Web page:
Clothier v. United Air Lines, Inc., 196 F. Supp. 435 (E.D.N.Y. 1961)

US District Court for the Eastern District of New York - 196 F. Supp. 435 (E.D.N.Y. 1961)
July 24, 1961

196 F. Supp. 435 (1961)

Agnes E. CLOTHIER, as Administratrix of the Goods, Chattels and Credits of Charles M. Clothier, deceased, Plaintiff,
UNITED AIR LINES, INC., Trans World Airlines, Inc., and United States of America, Defendants.

No. 61 C 189.

United States District Court E. D. New York.

July 24, 1961.

Kreindler & Kreindler, New York City, for plaintiff, Milton G. Sincoff, New York City, of counsel.

Haight, Gardner, Poor & Havens, New York City, for defendant United Air Lines, Inc.

Bigham, Englar, Jones & Houston, New York City, for defendant Trans World Airlines, Inc., Peter J. Magee, P. G. Pennoyer, Jr., New York City, of counsel.

Joseph P. Hoey, U. S. Atty., for Eastern Dist. of New York, Brooklyn, N. Y., for defendant U. S., Lawrence J. Galardi, Asst. U. S. Atty., Brooklyn, N. Y., of counsel.


The defendant, Trans World Airlines, Inc., hereinafter called TWA, moves, pursuant to Rule 12(h) of the Federal Rules of Civil Procedure, 28 U.S.C.A., for an order dismissing this action on the ground that this Court lacks jurisdiction of the subject matter.

The defendant TWA alleges that there is no diversity and, therefore, no Federal jurisdiction. The motion flows from the recent amendment to 28 U.S.C. ยง 1332 which provides in part:

"For the purposes of this section and section 1441 of this title, a corporation shall be deemed a citizen of any State by which it has been incorporated and of the State where it has its principal place of business."

TWA contends that its principal place of business is in New York. The affidavit of Ronald Duckworth, Secretary of TWA, alleges that TWA maintains executive offices at 380 Madison Avenue, New York City, and lists a number of officers who perform their duties there on behalf of TWA.

The plaintiff contends that TWA's principal place of business is in Missouri and lists the following facts:

1. The federal agency (Civil Aeronautics Board) regulating and licensing TWA states that its "principal offices" are in Missouri.
2. The most recent report of Standard and Poor's Corporation states that TWA's "Office" is in Missouri.
3. TWA's Chairman of the Board was recently elected in Missouri and the Annual Stockholders' meeting *436 was held there with 6 new board members being elected.
4. TWA employs over 18,000 people, 35% of which work in Missouri, and only 19% in New York.
5. The sole basis for TWA's motion is the presence in New York of 9 executives and department heads; however, 5 of these 9 men head departments that possess minor responsibility and an extremely limited number of personnel; in addition 3 of the 9 men spend half or more than half of their time outside New York.
6. The moving papers are fatally defective by virtue of their failure to assert that TWA's principal place of business is in New York. Plaintiff contends this is attributable to the fact that said place is in Missouri.
7. The moving papers admit that 2 executives and their departments (Technical Services and Transportation) are centered in Missouri.
8. Technical Services and Transportation form the hub of TWA's activity, about which all else revolves.
9. These two Missouri departments employ 78% of all corporate personnel.
10. Each of the two departments has its head and almost all of its executives in Missouri.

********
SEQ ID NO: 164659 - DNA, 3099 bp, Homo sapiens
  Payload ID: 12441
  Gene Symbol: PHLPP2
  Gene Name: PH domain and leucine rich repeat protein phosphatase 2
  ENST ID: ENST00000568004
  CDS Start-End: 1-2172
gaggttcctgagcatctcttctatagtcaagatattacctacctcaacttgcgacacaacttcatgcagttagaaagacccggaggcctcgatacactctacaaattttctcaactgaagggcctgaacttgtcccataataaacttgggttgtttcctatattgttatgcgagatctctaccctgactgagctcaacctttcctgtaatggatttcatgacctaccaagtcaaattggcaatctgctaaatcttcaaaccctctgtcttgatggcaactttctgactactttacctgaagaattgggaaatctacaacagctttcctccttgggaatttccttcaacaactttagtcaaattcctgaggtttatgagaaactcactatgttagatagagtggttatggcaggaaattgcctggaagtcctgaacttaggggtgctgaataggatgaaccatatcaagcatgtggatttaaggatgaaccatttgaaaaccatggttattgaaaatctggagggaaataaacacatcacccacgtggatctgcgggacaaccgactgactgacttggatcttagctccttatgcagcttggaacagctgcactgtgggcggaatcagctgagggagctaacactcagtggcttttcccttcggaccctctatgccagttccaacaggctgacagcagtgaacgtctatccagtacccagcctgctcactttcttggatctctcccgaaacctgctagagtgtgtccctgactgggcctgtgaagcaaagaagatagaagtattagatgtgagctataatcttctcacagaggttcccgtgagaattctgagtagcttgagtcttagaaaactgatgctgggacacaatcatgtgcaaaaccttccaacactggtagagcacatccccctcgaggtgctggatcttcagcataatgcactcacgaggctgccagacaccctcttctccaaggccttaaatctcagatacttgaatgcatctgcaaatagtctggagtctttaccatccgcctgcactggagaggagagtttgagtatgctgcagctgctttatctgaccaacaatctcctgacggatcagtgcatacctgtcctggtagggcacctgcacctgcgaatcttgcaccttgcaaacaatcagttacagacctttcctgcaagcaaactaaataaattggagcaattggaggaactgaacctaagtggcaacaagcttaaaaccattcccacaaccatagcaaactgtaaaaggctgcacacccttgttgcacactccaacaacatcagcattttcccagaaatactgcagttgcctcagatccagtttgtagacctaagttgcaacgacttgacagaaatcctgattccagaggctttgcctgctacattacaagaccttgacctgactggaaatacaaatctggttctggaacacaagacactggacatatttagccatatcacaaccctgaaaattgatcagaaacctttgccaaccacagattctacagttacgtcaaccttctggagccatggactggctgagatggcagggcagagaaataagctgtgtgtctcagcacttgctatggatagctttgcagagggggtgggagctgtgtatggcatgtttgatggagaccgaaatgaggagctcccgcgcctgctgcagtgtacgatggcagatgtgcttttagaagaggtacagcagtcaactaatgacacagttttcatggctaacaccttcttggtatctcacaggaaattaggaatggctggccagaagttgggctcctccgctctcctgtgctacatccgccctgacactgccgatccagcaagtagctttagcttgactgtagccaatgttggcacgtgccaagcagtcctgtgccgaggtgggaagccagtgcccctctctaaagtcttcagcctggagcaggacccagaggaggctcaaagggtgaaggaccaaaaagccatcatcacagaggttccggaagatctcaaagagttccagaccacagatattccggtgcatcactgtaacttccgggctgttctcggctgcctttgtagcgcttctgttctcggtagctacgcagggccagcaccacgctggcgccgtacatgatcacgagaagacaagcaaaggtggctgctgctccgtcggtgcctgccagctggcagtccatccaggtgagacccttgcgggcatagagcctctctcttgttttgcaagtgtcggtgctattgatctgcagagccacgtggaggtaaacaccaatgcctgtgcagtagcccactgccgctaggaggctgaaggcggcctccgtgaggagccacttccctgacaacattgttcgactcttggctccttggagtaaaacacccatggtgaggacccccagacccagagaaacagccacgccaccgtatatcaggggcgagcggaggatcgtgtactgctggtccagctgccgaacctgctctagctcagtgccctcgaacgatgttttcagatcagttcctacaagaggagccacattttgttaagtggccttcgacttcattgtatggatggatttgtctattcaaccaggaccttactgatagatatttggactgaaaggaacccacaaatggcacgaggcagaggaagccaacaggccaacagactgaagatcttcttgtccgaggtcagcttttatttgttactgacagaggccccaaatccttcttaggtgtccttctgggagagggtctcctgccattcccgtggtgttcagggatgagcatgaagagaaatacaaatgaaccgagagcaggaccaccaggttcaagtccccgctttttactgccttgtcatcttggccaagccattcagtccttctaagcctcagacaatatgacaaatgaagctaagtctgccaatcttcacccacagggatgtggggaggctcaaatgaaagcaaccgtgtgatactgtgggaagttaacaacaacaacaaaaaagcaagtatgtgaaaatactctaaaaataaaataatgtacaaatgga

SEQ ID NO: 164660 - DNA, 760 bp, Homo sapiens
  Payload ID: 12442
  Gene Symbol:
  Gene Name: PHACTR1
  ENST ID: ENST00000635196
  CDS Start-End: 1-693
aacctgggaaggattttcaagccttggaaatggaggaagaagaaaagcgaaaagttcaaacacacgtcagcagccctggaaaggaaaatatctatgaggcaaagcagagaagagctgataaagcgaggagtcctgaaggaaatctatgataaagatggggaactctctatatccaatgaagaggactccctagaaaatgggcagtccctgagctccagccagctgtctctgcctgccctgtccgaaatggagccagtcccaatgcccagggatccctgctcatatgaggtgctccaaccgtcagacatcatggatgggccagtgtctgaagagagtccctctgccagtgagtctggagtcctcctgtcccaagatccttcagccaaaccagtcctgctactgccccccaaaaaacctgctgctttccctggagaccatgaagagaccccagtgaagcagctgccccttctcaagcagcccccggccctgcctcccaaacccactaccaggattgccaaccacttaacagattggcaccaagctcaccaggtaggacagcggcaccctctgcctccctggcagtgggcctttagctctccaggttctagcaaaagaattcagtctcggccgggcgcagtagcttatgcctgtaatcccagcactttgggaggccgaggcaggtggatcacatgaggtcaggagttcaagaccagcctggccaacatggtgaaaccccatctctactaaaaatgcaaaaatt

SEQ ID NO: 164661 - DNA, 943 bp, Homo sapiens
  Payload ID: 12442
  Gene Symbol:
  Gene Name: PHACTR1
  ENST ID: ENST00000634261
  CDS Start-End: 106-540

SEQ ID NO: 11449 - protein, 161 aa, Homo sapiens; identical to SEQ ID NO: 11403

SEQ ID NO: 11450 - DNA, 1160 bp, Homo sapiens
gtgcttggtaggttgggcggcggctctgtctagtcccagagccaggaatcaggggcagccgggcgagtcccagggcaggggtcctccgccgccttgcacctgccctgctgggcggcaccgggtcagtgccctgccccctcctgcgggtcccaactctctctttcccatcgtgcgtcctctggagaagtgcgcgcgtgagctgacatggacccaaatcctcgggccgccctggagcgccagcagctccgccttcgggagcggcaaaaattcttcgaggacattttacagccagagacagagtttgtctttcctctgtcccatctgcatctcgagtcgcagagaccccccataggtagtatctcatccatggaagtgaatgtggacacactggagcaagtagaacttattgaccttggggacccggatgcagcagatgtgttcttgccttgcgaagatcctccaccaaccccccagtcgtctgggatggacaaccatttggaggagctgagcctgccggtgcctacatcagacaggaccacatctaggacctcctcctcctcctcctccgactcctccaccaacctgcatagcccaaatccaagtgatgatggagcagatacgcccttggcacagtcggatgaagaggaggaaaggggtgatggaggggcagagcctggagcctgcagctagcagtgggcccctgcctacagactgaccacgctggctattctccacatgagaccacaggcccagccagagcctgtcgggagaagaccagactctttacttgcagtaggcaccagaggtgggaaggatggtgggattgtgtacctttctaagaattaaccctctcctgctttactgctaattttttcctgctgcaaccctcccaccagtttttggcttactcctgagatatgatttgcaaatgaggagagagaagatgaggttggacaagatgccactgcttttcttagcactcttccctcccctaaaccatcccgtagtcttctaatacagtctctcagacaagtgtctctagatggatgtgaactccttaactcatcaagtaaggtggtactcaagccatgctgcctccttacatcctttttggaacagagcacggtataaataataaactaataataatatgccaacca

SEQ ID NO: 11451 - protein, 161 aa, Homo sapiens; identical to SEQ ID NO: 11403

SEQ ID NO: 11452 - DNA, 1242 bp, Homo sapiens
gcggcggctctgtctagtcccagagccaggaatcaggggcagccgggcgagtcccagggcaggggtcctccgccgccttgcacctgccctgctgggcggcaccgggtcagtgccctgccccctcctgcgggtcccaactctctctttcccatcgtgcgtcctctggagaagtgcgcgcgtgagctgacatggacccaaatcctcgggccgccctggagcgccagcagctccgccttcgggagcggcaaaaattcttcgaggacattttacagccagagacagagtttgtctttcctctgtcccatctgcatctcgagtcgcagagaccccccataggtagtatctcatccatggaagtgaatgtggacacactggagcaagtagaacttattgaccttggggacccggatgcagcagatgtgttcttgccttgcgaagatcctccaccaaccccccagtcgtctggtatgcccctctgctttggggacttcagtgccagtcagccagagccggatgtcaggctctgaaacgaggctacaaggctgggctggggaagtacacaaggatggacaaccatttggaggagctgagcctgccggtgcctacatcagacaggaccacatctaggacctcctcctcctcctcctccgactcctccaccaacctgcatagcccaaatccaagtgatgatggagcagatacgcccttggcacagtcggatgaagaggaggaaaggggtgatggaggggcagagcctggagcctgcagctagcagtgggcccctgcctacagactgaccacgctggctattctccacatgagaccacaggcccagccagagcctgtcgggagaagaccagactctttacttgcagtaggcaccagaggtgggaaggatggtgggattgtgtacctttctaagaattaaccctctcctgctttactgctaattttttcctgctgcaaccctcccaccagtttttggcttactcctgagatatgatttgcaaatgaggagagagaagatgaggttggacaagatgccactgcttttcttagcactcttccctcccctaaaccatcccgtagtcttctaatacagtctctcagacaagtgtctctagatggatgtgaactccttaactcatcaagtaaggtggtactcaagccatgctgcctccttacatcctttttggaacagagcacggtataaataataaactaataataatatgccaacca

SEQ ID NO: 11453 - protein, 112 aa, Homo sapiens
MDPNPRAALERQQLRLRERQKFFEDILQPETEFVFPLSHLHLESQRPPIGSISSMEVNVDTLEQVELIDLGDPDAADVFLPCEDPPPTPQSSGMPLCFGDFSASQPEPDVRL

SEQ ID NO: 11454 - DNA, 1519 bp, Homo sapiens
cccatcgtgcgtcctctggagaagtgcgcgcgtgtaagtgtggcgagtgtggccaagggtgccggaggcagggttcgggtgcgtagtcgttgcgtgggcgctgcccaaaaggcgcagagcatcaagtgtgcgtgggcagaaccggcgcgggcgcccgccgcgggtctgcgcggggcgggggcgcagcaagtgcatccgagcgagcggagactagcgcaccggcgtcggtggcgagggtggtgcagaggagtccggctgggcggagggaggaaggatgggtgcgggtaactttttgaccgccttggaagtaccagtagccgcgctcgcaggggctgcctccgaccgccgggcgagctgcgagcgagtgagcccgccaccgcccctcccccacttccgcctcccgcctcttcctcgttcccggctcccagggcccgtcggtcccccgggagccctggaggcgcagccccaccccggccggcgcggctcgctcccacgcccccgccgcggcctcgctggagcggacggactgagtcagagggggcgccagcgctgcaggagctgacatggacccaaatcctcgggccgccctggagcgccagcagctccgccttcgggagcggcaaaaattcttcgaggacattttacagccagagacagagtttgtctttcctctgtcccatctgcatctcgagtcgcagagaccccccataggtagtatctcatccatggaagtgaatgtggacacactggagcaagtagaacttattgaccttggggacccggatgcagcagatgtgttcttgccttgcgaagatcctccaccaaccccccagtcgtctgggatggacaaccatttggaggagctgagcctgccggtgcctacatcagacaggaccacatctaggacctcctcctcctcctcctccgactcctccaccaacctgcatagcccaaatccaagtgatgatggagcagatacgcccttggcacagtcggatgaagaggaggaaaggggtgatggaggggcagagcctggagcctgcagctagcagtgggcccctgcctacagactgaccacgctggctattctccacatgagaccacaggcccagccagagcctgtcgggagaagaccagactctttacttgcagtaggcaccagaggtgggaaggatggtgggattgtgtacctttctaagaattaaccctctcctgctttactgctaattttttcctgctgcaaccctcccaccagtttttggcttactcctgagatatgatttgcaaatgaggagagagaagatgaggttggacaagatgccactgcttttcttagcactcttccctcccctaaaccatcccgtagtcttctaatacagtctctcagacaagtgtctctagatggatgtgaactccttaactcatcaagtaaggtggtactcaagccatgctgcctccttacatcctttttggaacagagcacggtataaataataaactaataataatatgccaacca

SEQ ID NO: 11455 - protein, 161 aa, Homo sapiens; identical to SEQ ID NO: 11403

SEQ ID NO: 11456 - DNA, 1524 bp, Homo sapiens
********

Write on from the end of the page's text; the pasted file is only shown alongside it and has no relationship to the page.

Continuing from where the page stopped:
11. The Finance Department is in Missouri by virtue of presence there of 91% of its employees and the overwhelming number of its executives with their attendant functions.
12. Three minor departments each has its head in New York, but the majority of all employees and executives with their attendant functions are in Missouri.
13. Three other departments have very limited functions and few personnel (under 100); 1 is in New York with 4 people, another is in New York but with an important executive in Missouri, and the third is in either Washington, D. C. or Missouri.

The only question presented is whether TWA's principal place of business is in New York or Missouri.

There is no set standard to be used in deciding where a corporation's principal place of business is located. Each case must be decided upon its own peculiar set of facts.

The Court in Scot Typewriter Co. v. Underwood Corp., D.C.S.D.N.Y.1959, 170 F. Supp. 862, at page 864, stated in part:

"The question essentially is one of fact, `to be determined in each particular case by taking into consideration such factors as the character of the corporation, its purposes, the kind of business in which it is engaged, and the situs of its operations.'"

The Court further added that "the issue must be resolved on an over-all basis."

This defendant is one of the largest passenger carriers with world-wide operations.

The moving affidavit of Ronald Duckworth lists nine (9) officers in New York, namely the President and Vice-Presidents in charge of equipment retirement; a system general manager; industrial relations department; public relations department; finance department; sales department; planning and research department; and secretarial department.

The affidavit further states that the technical services department which includes aircraft engineering, overhaul and maintenance; transportation including flight operations, flight training, dispatch, meteorology, flight crew planning, and terminal services and commissary services are located in Missouri.

In balancing all of the activities performed in Missouri and those performed in New York, it is obvious that the center of corporate activity is in Missouri. The corporate life of TWA as a carrier depends upon those activities performed in Missouri. The inescapable conclusion *437 from all these facts is that the principal place of business of TWA is in Missouri. See Kelly v. United States Steel Corporation, 3 Cir., 284 F.2d 850.

Motion denied. Submit order.